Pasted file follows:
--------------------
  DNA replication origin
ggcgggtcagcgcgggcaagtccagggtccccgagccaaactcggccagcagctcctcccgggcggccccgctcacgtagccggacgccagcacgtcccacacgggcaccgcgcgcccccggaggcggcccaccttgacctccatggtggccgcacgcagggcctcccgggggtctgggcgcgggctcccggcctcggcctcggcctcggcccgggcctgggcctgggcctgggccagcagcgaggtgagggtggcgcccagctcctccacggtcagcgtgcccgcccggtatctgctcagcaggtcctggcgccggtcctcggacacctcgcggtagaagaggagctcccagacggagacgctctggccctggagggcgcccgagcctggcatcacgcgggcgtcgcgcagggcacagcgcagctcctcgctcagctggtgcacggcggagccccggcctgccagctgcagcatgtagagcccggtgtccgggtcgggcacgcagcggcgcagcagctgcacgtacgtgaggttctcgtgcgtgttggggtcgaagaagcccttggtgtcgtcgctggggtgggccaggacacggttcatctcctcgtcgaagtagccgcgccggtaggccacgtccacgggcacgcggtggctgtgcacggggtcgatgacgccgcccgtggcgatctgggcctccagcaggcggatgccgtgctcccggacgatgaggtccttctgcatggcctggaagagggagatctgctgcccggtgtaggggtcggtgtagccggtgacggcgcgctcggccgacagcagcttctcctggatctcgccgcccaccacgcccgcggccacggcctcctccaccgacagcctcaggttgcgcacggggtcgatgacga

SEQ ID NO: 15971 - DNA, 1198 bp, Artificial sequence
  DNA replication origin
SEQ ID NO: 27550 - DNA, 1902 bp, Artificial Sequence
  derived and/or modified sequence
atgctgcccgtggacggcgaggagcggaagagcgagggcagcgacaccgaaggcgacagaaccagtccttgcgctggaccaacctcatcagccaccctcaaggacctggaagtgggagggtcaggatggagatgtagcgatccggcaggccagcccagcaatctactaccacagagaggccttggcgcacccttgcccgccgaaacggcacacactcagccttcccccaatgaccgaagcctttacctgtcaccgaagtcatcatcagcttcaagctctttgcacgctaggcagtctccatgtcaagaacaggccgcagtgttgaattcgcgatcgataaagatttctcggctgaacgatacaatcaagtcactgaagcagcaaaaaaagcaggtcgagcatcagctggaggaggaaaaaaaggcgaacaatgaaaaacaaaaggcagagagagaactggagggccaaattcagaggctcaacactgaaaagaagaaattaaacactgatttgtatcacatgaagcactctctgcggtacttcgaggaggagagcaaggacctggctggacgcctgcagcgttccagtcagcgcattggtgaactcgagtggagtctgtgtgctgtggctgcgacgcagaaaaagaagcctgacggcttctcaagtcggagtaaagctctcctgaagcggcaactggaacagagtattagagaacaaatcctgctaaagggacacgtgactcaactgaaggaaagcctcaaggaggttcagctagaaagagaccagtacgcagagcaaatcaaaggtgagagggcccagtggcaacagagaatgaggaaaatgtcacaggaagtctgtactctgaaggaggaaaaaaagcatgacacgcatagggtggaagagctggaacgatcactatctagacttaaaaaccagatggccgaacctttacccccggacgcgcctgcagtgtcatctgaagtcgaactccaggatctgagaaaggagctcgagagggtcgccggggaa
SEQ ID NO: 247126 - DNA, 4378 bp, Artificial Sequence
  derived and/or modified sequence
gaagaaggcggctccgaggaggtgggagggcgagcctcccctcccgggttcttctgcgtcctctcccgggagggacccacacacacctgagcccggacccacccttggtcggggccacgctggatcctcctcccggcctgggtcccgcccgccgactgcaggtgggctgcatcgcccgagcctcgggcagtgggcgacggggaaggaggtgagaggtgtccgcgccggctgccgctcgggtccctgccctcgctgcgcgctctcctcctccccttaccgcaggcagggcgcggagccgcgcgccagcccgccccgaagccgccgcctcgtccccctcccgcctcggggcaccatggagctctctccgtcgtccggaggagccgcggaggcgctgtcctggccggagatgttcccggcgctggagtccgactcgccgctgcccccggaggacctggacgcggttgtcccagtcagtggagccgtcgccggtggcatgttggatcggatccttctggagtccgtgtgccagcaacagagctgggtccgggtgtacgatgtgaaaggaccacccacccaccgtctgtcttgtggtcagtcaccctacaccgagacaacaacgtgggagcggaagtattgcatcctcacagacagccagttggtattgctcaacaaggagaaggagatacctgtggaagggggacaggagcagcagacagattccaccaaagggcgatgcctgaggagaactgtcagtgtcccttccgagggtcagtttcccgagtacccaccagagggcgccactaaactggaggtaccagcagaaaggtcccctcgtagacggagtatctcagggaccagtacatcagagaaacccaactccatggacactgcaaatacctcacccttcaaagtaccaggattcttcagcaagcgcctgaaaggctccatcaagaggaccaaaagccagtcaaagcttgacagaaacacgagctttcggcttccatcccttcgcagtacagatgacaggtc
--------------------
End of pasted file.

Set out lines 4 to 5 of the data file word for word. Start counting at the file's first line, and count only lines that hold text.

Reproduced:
  DNA replication origin
SEQ ID NO: 27550 - DNA, 1902 bp, Artificial Sequence